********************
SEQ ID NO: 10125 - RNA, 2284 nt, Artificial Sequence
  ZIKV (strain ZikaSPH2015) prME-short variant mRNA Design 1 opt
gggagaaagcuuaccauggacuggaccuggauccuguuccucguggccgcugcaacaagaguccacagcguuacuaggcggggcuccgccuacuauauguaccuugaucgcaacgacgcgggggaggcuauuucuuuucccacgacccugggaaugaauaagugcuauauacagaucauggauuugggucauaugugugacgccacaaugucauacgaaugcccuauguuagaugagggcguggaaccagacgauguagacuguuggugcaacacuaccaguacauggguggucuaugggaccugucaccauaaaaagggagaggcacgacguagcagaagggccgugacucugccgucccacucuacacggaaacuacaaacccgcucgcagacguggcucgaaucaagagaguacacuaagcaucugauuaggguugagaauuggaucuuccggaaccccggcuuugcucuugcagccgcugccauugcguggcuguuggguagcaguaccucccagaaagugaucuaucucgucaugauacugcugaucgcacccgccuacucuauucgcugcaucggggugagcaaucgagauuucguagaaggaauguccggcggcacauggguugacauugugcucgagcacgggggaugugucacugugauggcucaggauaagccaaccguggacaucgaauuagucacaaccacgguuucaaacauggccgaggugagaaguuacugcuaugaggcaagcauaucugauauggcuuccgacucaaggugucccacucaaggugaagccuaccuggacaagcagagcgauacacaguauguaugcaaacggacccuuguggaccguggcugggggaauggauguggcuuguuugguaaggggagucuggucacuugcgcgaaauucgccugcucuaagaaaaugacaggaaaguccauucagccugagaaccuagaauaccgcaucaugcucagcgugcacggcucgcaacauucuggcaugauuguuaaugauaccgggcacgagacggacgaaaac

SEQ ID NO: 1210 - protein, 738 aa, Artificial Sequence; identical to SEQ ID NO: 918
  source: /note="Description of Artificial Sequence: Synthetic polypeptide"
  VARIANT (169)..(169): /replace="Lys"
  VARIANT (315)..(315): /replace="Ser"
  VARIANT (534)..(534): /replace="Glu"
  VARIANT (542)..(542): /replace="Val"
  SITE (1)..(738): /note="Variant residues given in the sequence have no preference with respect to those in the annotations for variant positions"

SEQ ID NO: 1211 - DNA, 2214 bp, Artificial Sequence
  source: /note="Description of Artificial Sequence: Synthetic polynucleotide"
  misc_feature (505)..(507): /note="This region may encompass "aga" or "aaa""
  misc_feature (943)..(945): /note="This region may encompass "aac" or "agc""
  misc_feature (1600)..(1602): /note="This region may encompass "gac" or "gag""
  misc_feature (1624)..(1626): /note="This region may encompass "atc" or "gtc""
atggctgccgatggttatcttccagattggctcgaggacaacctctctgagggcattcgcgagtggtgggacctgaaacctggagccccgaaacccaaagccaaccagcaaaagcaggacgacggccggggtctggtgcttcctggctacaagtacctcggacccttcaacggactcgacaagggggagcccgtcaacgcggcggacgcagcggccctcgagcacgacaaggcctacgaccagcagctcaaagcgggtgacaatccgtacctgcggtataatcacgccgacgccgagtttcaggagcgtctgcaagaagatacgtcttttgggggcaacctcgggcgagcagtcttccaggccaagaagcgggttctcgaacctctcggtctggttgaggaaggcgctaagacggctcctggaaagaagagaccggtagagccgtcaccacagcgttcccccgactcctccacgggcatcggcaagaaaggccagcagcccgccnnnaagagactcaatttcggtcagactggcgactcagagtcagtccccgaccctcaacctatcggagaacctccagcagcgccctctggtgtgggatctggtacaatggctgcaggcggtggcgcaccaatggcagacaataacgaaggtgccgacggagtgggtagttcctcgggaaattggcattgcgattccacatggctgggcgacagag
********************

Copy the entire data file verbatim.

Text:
SEQ ID NO: 10125 - RNA, 2284 nt, Artificial Sequence
  ZIKV (strain ZikaSPH2015) prME-short variant mRNA Design 1 opt
gggagaaagcuuaccauggacuggaccuggauccuguuccucguggccgcugcaacaagaguccacagcguuacuaggcggggcuccgccuacuauauguaccuugaucgcaacgacgcgggggaggcuauuucuuuucccacgacccugggaaugaauaagugcuauauacagaucauggauuugggucauaugugugacgccacaaugucauacgaaugcccuauguuagaugagggcguggaaccagacgauguagacuguuggugcaacacuaccaguacauggguggucuaugggaccugucaccauaaaaagggagaggcacgacguagcagaagggccgugacucugccgucccacucuacacggaaacuacaaacccgcucgcagacguggcucgaaucaagagaguacacuaagcaucugauuaggguugagaauuggaucuuccggaaccccggcuuugcucuugcagccgcugccauugcguggcuguuggguagcaguaccucccagaaagugaucuaucucgucaugauacugcugaucgcacccgccuacucuauucgcugcaucggggugagcaaucgagauuucguagaaggaauguccggcggcacauggguugacauugugcucgagcacgggggaugugucacugugauggcucaggauaagccaaccguggacaucgaauuagucacaaccacgguuucaaacauggccgaggugagaaguuacugcuaugaggcaagcauaucugauauggcuuccgacucaaggugucccacucaaggugaagccuaccuggacaagcagagcgauacacaguauguaugcaaacggacccuuguggaccguggcugggggaauggauguggcuuguuugguaaggggagucuggucacuugcgcgaaauucgccugcucuaagaaaaugacaggaaaguccauucagccugagaaccuagaauaccgcaucaugcucagcgugcacggcucgcaacauucuggcaugauuguuaaugauaccgggcacgagacggacgaaaac

SEQ ID NO: 1210 - protein, 738 aa, Artificial Sequence; identical to SEQ ID NO: 918
  source: /note="Description of Artificial Sequence: Synthetic polypeptide"
  VARIANT (169)..(169): /replace="Lys"
  VARIANT (315)..(315): /replace="Ser"
  VARIANT (534)..(534): /replace="Glu"
  VARIANT (542)..(542): /replace="Val"
  SITE (1)..(738): /note="Variant residues given in the sequence have no preference with respect to those in the annotations for variant positions"

SEQ ID NO: 1211 - DNA, 2214 bp, Artificial Sequence
  source: /note="Description of Artificial Sequence: Synthetic polynucleotide"
  misc_feature (505)..(507): /note="This region may encompass "aga" or "aaa""
  misc_feature (943)..(945): /note="This region may encompass "aac" or "agc""
  misc_feature (1600)..(1602): /note="This region may encompass "gac" or "gag""
  misc_feature (1624)..(1626): /note="This region may encompass "atc" or "gtc""
atggctgccgatggttatcttccagattggctcgaggacaacctctctgagggcattcgcgagtggtgggacctgaaacctggagccccgaaacccaaagccaaccagcaaaagcaggacgacggccggggtctggtgcttcctggctacaagtacctcggacccttcaacggactcgacaagggggagcccgtcaacgcggcggacgcagcggccctcgagcacgacaaggcctacgaccagcagctcaaagcgggtgacaatccgtacctgcggtataatcacgccgacgccgagtttcaggagcgtctgcaagaagatacgtcttttgggggcaacctcgggcgagcagtcttccaggccaagaagcgggttctcgaacctctcggtctggttgaggaaggcgctaagacggctcctggaaagaagagaccggtagagccgtcaccacagcgttcccccgactcctccacgggcatcggcaagaaaggccagcagcccgccnnnaagagactcaatttcggtcagactggcgactcagagtcagtccccgaccctcaacctatcggagaacctccagcagcgccctctggtgtgggatctggtacaatggctgcaggcggtggcgcaccaatggcagacaataacgaaggtgccgacggagtgggtagttcctcgggaaattggcattgcgattccacatggctgggcgacagag